My niece recently joined our family. This little girl is almost 5 months old, and I have the honor of spending a lot of time with her, since I babysit her on a regular basis. Watching her grow and learn every day has been something else. I typically don’t like babies or small children – so you know my niece must be pretty special (imho) if she’s won over my sour heart.
One of the primary difficulties feminist thinkers faced when confronting sexism within families was that more often than not female parents were the transmitters of sexist thinking . . . most people assume that a woman raising children alone, especially sons, will fail to teach a male child how to become a patriarchal male. This is simply not the case.
In Women’s Studies classes past, the topic of parenting mostly revolved around criticizing the color pink and calling toy stores out for the way they divide up their aisles. Those critiques are legitimate, as is the criticism from hooks, but what I need now is practical advice for how to be a good feminist care giver (or parent) – not poop to throw around in a poop fight. (Notice my language is getting somewhat cleaner now that I have to monitor what I say with a baby in the house?)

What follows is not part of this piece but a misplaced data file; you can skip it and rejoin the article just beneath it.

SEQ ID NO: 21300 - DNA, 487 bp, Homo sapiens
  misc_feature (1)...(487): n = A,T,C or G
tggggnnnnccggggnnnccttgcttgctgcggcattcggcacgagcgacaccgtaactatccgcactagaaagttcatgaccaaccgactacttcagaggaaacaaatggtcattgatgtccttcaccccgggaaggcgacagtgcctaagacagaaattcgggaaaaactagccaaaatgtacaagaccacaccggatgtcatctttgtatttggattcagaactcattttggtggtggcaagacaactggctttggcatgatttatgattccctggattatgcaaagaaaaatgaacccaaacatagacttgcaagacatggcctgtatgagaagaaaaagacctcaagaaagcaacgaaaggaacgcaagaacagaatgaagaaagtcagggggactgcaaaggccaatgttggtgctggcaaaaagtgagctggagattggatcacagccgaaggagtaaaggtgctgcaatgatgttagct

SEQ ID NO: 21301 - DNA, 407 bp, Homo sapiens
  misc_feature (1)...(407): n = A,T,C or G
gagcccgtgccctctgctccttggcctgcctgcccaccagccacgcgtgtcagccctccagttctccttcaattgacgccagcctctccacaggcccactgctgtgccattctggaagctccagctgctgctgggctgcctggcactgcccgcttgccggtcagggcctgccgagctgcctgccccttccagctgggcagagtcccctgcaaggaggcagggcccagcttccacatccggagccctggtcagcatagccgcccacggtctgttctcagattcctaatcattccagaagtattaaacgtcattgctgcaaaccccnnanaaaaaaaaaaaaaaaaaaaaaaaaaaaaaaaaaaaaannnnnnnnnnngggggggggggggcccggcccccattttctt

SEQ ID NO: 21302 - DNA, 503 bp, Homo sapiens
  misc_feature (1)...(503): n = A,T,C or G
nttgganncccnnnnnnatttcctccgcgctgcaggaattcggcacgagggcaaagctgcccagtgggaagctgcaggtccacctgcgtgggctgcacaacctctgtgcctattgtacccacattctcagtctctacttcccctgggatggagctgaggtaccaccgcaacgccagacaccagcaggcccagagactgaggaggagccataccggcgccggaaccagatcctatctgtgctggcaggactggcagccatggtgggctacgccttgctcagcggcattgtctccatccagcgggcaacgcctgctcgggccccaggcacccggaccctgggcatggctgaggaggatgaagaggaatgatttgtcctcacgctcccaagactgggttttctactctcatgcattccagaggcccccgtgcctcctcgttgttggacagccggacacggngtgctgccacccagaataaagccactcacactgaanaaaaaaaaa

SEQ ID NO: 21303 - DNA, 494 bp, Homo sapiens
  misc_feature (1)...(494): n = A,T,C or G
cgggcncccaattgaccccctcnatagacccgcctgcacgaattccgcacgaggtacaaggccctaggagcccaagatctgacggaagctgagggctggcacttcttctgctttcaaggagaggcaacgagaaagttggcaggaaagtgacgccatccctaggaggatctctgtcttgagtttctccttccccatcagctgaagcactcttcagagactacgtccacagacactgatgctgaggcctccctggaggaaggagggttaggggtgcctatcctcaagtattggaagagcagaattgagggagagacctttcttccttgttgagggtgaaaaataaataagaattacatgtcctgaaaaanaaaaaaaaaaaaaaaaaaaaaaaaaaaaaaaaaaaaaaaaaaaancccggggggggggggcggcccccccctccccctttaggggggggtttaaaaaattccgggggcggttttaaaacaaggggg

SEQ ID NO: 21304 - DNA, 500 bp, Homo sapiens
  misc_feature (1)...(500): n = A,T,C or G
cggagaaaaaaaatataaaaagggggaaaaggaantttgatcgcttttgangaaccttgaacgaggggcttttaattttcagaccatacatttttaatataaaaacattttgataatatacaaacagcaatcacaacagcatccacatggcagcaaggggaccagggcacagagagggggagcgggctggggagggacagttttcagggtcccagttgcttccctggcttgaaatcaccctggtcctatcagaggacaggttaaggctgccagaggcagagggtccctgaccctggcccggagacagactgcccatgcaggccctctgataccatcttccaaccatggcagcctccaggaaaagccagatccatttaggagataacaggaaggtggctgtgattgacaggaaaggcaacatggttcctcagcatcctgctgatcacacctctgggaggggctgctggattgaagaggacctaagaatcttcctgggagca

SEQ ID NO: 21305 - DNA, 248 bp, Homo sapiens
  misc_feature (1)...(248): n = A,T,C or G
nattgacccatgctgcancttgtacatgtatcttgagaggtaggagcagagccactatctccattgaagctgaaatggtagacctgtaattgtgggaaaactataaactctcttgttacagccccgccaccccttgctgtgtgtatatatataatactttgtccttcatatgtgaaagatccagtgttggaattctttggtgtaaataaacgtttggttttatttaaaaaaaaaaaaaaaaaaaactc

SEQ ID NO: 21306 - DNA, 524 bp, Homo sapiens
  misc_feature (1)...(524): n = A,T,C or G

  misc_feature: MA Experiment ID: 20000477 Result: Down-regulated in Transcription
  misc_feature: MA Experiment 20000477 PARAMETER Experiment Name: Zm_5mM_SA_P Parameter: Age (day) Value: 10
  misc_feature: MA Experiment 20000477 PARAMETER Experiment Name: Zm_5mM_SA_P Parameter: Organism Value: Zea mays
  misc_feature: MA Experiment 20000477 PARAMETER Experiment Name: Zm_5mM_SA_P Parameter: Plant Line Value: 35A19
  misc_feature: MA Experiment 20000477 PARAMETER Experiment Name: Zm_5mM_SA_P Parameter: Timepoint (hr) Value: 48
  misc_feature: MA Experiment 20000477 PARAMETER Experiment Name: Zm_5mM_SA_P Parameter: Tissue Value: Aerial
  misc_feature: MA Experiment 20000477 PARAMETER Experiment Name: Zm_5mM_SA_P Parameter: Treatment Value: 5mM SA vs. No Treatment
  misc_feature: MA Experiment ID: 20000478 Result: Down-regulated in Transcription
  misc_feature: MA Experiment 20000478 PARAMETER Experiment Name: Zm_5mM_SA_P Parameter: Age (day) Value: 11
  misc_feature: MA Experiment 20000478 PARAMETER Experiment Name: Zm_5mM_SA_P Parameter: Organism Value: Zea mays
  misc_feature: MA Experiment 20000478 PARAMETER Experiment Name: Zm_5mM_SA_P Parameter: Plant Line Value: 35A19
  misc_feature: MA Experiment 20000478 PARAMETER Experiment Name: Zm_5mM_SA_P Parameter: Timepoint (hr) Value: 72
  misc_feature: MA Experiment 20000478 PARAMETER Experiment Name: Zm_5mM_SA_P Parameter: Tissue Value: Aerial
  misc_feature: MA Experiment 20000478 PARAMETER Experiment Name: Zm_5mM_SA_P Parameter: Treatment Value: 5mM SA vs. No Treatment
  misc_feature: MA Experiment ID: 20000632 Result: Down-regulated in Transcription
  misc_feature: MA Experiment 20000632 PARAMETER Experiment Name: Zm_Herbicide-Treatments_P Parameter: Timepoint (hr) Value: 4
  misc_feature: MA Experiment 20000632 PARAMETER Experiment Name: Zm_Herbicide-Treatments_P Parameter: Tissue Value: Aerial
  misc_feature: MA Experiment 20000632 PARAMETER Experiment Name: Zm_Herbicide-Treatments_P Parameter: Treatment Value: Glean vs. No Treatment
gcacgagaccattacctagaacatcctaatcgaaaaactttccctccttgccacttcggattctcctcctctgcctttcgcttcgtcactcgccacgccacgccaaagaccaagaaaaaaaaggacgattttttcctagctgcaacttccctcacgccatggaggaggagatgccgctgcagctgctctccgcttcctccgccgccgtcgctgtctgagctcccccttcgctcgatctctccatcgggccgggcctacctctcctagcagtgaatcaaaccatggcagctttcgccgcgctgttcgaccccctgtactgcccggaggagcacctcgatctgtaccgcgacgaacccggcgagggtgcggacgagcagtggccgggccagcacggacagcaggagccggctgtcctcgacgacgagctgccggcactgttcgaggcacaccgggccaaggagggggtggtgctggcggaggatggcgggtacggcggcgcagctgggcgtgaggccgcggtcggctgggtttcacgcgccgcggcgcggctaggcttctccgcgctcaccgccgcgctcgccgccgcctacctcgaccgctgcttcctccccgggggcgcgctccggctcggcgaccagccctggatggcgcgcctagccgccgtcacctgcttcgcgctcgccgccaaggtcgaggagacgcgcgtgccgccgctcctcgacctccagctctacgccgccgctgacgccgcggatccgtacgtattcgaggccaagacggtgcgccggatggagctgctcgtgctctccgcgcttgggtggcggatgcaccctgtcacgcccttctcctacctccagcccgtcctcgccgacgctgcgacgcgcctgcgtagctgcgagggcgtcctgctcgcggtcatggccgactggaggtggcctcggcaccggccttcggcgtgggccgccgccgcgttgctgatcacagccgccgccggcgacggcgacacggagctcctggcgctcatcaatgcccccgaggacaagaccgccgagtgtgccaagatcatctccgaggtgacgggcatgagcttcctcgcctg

What do feminist parenting methods look like? I have suddenly become acutely aware of the messages we send babies right from the get go. Most people tell my niece how pretty she is. I have been actively reminding myself to tell her on a daily basis that she is smart and brave. When she’s sleeping, I like to send her happy thoughts of being courageous. We sing our alphabet every day and count to ten in English and in Spanish. I want my niece to grow up knowing that it’s OK to be smart and pretty.
Before my niece arrived, I made an effort to find books that show girls as the heroine. We’ve been reading the Ramona books together, and watching the girls on “The Backyardigans” take their adventures. There are no dolls for her to play with at our house. That’s all well and good for now – but I wonder what to do when this little girls starts walking and talking, and I have to do something more to entertain her than let her stare at the blinds or the electrical outlet.
I’d love some advice from some seasoned feminist parents. What books do you like to read with your kids? How have you instilled feminist values in your kids? I’d love to learn from your victories (and mistakes).
Serena is a freelance writer who enjoys baking, protesting, and playing with little dogs.